For the men and women of the armed services, the transition from military life can sometimes be a challenge. When it comes to their educational pursuits, however, those challenges are mitigated by the strong presence of the Polk State College Veterans Services Office.
As a retired US Army Command Sergeant Major, Byron Loyd, Coordinator of Veterans Services, knows first-hand what it takes for military veterans to pursue a college education. Loyd recognizes the strength veterans display and the unique perspective they provide for the greater collegiate community. For this reason, he has committed his time to ensuring that each student-veteran has the resources and support for success.
Loyd’s long-standing military career has proven his loyalty, commitment, and dedication to America’s service personnel. As he pledged in the Army to leave no man behind, he now lives this mantra for the veterans who call Polk State College their home.
In today’s interview, he shares some information about the Veterans Services Office and what he hopes for the future at Polk State:
When it comes to college life, what do you think is the biggest challenge for student-veterans?
If a veteran has never experienced a college setting while in the military, it can be very difficult to assimilate to traditional college life. In the military, structure within the environment is fairly uniform, with very little deviation from duty station to duty station. In contrast, in a collegiate setting, things can change from class-to-class, and program-to-program. The challenge becomes how to develop similar types of personal bonds that veterans have experienced in their military settings. Most importantly, Polk State must ensure that veterans know there are groups and individuals who advocate on their behalf with a true understanding of their previous and current circumstances.
What services does Polk State offer to student-veterans, and how do these services make a positive difference for them on a day-to-day basis?
Polk State has Veterans Services offices on the Winter Haven and Lakeland campuses. Each office houses staff members dedicated to providing a safe and comfortable place for student-veterans to relax during the school day. These locations provide a great way to support veterans and make a positive difference.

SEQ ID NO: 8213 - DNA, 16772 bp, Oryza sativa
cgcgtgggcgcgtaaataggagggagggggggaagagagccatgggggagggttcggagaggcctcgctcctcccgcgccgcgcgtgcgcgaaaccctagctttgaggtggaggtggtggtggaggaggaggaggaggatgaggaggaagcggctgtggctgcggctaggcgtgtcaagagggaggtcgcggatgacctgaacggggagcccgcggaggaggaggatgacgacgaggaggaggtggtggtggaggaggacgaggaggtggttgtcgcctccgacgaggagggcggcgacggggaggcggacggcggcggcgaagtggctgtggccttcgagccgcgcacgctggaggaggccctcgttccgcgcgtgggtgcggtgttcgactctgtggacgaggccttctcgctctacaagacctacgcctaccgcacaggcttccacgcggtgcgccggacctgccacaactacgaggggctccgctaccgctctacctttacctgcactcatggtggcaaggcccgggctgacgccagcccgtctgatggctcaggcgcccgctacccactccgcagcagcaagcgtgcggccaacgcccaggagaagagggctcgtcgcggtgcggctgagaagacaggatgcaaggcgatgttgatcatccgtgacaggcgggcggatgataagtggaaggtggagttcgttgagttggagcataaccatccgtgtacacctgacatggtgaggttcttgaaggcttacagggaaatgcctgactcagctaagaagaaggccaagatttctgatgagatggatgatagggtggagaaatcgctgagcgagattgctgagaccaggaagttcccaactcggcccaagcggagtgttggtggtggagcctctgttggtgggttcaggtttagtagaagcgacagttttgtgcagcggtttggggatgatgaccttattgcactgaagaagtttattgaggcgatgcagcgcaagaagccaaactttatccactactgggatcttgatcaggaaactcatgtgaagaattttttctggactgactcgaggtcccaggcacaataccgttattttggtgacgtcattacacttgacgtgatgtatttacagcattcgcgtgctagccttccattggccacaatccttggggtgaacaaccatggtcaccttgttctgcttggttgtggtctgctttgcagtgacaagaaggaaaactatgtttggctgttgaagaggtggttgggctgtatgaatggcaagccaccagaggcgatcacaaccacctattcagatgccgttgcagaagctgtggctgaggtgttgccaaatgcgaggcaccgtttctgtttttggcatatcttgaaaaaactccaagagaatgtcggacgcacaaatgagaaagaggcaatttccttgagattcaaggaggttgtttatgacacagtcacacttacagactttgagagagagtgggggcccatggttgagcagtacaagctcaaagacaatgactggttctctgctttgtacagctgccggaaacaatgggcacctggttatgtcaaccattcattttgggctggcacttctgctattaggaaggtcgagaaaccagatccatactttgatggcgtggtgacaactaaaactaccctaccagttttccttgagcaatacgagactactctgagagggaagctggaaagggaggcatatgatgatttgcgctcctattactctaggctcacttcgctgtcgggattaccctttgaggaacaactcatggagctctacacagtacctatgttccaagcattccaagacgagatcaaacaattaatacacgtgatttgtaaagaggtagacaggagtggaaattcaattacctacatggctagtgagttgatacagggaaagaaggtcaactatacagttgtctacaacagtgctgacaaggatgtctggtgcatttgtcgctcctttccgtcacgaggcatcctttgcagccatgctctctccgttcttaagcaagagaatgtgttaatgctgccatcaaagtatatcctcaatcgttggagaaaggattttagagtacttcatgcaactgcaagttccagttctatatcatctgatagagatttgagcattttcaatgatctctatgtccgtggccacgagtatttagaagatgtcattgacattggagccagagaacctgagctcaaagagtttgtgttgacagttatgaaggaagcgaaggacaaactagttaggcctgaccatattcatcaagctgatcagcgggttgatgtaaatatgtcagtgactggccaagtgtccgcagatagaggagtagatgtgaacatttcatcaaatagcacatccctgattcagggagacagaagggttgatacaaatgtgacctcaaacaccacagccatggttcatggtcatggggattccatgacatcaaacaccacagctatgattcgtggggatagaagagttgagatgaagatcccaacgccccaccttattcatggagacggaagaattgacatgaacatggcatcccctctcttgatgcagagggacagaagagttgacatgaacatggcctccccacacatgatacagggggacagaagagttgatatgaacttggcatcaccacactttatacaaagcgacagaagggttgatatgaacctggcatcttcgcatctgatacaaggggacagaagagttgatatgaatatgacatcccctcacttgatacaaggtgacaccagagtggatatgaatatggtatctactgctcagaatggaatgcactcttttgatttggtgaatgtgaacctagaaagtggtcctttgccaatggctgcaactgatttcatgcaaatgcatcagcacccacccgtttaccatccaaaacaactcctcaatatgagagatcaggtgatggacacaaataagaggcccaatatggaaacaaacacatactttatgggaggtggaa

You are an Army veteran. What do you use from your own experience of transitioning from military service to college life to support and encourage student-veterans at Polk State?
A majority of veterans exit the military without proper planning. When they enter the civilian sector it can be overwhelming. My own experience has taught me to “never rush to failure.” I strive to teach Polk State’s veterans the same ideal. For these students, who understand mission-critical planning, I encourage them to have a plan of attack aimed at their proposed mission.
What advice would you give to veterans who are struggling with the decision to enroll in college?
Think, think, get counsel. The Veterans Administration provides incentives for financing a college education. Veterans have earned this incentive, but it requires good planning to ensure that one has all the facts about the process. The incentives are there to help, but once the decision is made, the person has to be “all in” on the educational journey.
What is on the horizon for Polk State’s Veterans Services?
As the College’s veteran-population continues to grow, I would like to increase their “voice” on campus and in the community. Veterans have a lot to offer their fellow students and community members. I am also excited about starting a Veterans Club within the College to increase connectedness and to provide an opportunity to educate fellow classmates on life perspectives outside of the classroom.